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The CD4+ T Cell Response to Human Cytomegalovirus in Healthy and Immunocompromised People.

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Lim, Eleanor Y 
Jackson, Sarah E 
Wills, Mark R 


While CD8+ T cells specific for human cytomegalovirus (HCMV) have been extensively studied in both healthy HCMV seropositive carriers and patients undergoing immunosuppression, studies on the CD4+ T cell response to HCMV had lagged behind. However, over the last few years there has been a significant advance in our understanding of the importance and contribution that CMV-specific CD4+ T cells make, not only to anti-viral immunity but also in the potential maintenance of latently infected cells. During primary infection with HCMV in adults, CD4+ T cells are important for the resolution of symptomatic disease, while persistent shedding of HCMV into urine and saliva is associated with a lack of HCMV specific CD4+ T cell response in young children. In immunosuppressed solid organ transplant recipients, a delayed appearance of HCMV-specific CD4+ T cells is associated with prolonged viremia and more severe clinical disease, while in haematopoietic stem cell transplant recipients, it has been suggested that HCMV-specific CD4+ T cells are required for HCMV-specific CD8+ T cells to exert their anti-viral effects. In addition, adoptive T-cell immunotherapy in transplant patients has shown that the presence of HCMV-specific CD4+ T cells is required for the maintenance of HCMV-specific CD8+ T cells. HCMV is a paradigm for immune evasion. The presence of viral genes that down-regulate MHC class II molecules and the expression of viral IL-10 both limit antigen presentation to CD4+ T cells, underlining the important role that this T cell subset has in antiviral immunity. This review will discuss the antigen specificity, effector function, phenotype and direct anti-viral properties of HCMV specific CD4+ T cells, as well as reviewing our understanding of the importance of this T cell subset in primary infection and long-term carriage in healthy individuals. In addition, their role and importance in congenital HCMV infection and during immunosuppression in both solid organ and haemopoietic stem cell transplantation is considered.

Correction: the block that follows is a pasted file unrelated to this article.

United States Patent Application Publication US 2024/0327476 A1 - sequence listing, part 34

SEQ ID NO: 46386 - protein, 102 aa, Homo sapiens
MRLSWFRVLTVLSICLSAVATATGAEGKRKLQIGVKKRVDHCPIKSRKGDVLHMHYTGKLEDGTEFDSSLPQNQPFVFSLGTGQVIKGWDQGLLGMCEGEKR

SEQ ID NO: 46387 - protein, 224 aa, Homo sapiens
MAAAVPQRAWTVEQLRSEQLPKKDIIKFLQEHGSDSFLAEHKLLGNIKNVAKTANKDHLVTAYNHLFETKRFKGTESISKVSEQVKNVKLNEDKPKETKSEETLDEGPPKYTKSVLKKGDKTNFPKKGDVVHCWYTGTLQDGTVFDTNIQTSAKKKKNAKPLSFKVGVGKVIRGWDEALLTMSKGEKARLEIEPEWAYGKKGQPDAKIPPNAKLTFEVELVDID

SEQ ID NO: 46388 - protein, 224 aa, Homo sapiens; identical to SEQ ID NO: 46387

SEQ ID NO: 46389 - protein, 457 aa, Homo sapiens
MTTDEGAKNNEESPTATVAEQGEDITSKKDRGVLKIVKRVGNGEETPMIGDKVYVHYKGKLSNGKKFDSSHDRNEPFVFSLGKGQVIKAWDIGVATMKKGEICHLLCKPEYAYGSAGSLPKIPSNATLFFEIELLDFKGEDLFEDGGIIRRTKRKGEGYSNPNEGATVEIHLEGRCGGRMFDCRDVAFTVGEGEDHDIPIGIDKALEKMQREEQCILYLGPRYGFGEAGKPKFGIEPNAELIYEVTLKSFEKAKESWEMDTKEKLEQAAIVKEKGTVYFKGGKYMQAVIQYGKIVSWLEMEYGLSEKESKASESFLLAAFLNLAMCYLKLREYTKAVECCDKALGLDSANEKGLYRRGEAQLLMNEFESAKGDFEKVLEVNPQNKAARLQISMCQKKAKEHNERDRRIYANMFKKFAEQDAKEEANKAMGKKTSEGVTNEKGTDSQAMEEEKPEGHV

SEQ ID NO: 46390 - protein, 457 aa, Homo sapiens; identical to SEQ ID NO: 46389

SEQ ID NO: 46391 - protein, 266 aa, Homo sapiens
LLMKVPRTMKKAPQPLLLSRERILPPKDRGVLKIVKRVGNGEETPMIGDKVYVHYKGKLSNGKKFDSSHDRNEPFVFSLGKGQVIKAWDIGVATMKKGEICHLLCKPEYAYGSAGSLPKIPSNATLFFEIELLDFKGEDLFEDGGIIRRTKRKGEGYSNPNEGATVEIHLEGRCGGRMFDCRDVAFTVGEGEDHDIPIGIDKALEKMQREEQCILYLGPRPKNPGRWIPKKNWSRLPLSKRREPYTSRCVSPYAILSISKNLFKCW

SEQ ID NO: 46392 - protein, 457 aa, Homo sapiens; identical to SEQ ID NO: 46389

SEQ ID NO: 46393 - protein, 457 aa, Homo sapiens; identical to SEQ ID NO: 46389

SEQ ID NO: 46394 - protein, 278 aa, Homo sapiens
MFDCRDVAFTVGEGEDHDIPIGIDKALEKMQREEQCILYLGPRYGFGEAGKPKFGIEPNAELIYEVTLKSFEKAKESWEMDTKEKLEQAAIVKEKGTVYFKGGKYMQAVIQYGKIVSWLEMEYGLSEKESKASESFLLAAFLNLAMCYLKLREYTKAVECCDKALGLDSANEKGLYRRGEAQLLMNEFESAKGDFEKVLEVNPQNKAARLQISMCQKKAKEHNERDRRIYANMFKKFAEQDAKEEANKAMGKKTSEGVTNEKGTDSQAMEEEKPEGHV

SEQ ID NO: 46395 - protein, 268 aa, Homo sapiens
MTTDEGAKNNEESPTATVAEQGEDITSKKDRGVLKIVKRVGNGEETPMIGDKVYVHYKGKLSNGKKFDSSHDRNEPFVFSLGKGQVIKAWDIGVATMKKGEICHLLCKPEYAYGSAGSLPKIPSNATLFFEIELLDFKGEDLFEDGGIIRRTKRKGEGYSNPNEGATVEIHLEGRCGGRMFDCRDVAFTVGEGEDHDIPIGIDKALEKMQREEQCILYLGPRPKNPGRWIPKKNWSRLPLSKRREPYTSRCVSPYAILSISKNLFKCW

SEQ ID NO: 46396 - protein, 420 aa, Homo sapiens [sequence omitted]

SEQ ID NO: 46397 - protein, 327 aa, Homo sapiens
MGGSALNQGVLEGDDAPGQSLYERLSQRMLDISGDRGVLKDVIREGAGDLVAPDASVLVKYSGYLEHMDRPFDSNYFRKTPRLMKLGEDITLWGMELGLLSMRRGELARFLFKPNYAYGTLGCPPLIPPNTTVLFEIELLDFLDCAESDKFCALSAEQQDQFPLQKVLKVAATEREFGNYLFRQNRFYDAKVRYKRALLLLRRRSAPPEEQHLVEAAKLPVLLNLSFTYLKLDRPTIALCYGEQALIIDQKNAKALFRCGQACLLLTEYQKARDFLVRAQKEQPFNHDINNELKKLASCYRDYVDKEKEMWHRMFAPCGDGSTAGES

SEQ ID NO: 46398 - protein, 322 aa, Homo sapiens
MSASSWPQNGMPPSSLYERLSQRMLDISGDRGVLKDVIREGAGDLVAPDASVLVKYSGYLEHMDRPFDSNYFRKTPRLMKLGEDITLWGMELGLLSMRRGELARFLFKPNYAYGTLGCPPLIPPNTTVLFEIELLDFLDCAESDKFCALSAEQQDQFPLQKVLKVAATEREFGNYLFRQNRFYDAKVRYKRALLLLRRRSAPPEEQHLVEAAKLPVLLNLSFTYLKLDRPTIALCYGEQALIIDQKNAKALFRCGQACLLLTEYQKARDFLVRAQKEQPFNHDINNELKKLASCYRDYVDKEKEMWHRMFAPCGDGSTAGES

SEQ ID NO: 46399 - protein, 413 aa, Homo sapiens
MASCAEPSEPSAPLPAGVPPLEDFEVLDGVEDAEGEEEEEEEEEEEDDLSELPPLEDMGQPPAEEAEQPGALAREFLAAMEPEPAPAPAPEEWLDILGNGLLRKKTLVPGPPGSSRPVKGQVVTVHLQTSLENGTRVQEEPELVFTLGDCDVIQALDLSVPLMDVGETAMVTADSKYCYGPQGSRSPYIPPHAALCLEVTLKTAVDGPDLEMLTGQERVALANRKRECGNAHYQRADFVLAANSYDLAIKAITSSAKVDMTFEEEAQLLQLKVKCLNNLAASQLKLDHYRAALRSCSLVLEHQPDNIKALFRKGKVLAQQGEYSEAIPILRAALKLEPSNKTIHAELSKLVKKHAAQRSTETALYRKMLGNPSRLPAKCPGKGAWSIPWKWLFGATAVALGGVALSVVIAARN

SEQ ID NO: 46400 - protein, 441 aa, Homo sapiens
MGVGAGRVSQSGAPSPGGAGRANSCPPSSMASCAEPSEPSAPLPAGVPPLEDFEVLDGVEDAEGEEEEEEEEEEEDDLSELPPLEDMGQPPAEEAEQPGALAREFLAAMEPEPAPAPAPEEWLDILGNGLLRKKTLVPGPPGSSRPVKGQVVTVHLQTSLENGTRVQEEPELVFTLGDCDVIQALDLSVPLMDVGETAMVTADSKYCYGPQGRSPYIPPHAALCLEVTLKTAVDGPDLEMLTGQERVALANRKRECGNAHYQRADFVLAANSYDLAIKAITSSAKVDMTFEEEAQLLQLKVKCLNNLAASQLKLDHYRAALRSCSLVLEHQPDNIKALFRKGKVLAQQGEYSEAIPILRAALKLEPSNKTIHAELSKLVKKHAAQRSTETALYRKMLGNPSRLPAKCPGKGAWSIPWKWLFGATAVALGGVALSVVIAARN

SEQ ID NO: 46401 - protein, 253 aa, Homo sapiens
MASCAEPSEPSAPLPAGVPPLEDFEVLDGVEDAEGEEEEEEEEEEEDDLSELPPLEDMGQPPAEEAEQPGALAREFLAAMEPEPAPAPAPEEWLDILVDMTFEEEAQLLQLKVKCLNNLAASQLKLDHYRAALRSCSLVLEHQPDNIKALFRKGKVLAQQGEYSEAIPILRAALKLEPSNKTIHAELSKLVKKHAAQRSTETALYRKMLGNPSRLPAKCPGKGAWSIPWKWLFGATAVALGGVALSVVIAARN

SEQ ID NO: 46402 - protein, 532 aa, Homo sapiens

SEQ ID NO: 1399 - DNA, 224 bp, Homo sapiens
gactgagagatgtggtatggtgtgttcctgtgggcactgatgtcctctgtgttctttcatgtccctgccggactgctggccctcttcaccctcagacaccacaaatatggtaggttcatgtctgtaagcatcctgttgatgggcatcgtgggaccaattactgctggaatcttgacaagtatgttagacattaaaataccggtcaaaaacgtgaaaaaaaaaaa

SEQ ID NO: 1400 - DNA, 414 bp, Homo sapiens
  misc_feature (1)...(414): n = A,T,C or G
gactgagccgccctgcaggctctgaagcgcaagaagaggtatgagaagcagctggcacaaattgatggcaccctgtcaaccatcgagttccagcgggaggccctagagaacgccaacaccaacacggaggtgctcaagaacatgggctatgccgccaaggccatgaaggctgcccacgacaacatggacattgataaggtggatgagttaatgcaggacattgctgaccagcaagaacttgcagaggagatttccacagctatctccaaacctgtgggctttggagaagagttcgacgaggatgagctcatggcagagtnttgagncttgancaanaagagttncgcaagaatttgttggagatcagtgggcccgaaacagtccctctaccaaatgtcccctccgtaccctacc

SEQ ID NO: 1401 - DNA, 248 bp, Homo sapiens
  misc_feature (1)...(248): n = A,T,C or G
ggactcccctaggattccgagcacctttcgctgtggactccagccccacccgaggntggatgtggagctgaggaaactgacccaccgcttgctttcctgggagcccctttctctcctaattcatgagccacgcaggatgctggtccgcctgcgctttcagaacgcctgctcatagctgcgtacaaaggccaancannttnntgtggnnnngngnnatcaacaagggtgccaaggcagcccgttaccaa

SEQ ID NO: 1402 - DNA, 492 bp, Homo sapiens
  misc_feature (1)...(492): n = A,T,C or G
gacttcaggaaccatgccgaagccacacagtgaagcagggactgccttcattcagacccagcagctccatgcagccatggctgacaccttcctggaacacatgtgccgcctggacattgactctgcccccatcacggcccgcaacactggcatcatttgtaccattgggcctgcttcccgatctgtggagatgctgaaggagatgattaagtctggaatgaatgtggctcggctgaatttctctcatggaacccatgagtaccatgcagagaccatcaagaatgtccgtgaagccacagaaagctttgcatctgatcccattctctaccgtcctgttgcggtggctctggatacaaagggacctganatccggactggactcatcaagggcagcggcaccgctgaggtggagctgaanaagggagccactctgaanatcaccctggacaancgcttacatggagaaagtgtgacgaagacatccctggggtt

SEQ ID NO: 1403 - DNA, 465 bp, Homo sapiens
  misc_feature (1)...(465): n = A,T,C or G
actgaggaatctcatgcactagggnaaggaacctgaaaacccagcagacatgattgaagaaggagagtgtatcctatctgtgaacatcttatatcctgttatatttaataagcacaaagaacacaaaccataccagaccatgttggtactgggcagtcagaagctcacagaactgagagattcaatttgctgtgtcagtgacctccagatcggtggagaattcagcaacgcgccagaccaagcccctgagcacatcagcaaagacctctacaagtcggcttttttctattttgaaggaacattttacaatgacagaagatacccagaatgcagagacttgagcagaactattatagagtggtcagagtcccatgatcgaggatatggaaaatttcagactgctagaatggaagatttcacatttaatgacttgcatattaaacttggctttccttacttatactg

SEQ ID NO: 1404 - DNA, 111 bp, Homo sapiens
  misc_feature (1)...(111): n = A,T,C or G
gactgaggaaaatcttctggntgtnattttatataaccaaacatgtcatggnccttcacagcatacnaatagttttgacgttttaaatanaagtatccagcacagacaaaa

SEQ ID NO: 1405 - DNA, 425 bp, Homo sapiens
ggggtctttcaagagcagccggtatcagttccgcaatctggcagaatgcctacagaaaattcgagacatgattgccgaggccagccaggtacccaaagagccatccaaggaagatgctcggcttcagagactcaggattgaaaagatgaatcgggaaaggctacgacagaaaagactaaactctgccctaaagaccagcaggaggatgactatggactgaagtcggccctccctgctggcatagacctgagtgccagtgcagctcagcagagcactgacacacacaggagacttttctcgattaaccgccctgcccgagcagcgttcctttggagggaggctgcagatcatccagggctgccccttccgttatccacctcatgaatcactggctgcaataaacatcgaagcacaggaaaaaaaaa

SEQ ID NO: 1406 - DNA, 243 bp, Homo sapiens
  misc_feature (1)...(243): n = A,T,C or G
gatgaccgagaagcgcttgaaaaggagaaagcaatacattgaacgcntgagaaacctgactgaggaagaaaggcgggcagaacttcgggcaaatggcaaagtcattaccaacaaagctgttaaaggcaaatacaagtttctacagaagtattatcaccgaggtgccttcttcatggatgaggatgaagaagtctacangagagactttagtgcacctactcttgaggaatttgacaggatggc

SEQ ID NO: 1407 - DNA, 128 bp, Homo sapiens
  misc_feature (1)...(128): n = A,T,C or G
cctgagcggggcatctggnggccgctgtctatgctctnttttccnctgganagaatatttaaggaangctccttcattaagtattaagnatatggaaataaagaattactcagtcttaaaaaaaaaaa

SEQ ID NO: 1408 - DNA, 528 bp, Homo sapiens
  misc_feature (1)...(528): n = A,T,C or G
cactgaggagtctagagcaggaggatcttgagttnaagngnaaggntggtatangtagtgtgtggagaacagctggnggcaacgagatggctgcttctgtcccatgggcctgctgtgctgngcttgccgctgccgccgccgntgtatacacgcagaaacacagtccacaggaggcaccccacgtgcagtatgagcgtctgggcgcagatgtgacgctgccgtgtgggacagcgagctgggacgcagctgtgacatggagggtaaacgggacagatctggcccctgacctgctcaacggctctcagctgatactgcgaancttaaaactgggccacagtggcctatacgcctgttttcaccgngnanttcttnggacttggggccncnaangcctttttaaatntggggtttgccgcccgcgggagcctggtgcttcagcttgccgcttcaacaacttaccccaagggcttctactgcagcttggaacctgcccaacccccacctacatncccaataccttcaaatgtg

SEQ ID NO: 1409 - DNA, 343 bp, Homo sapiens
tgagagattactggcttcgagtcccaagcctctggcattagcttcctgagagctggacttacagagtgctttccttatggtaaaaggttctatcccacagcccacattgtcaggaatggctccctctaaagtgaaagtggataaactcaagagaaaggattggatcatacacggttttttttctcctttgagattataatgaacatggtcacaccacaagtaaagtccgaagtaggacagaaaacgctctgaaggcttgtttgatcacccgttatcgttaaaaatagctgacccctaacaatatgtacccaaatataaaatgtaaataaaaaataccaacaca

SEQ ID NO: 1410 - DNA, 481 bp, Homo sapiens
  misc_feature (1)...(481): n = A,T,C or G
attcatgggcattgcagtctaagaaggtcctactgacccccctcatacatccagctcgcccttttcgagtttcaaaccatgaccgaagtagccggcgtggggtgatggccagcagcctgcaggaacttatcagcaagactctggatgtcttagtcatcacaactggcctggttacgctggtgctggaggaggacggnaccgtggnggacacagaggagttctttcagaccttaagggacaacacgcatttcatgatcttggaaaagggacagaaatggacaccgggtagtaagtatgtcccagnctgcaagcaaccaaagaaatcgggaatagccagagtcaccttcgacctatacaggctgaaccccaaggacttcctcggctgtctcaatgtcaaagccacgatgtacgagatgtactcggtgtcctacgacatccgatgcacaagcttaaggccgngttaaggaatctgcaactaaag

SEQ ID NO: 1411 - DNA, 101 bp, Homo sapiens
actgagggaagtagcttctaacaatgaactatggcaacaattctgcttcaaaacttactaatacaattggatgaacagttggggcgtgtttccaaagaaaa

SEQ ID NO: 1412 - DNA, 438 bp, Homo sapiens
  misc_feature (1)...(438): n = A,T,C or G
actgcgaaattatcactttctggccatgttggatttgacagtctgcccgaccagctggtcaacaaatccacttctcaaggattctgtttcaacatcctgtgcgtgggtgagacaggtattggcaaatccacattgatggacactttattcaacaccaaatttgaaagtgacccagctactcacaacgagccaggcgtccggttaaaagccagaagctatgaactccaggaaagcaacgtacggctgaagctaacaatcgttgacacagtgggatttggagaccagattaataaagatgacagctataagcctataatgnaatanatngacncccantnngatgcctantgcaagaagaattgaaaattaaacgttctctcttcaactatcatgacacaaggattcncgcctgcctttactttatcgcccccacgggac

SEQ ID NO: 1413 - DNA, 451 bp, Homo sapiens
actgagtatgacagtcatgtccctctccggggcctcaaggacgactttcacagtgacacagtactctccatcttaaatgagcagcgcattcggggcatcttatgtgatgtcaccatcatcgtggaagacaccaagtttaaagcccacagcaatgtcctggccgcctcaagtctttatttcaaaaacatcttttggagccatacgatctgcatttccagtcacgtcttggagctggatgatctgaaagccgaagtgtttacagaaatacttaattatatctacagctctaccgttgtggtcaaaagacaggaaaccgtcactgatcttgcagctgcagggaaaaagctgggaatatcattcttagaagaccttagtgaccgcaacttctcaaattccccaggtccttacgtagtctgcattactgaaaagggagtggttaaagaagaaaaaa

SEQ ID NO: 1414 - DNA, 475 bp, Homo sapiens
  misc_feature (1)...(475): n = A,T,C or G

CD4+ T cell, congenital CMV (cCMV), hematopoietic stem cell transplant (HSCT), human cytomegalovirus (HCMV), solid organ transplant (SOT), Adult, CD4-Positive T-Lymphocytes, CD8-Positive T-Lymphocytes, Child, Child, Preschool, Cytomegalovirus, Cytomegalovirus Infections, Humans, Immunocompromised Host

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Front Cell Infect Microbiol

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Frontiers Media SA


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Medical Research Council (MR/K021087/1)
Wellcome Trust (via University College London (UCL)) (Ref 17/0008 539724)
Medical Research Council (MR/S00081X/1)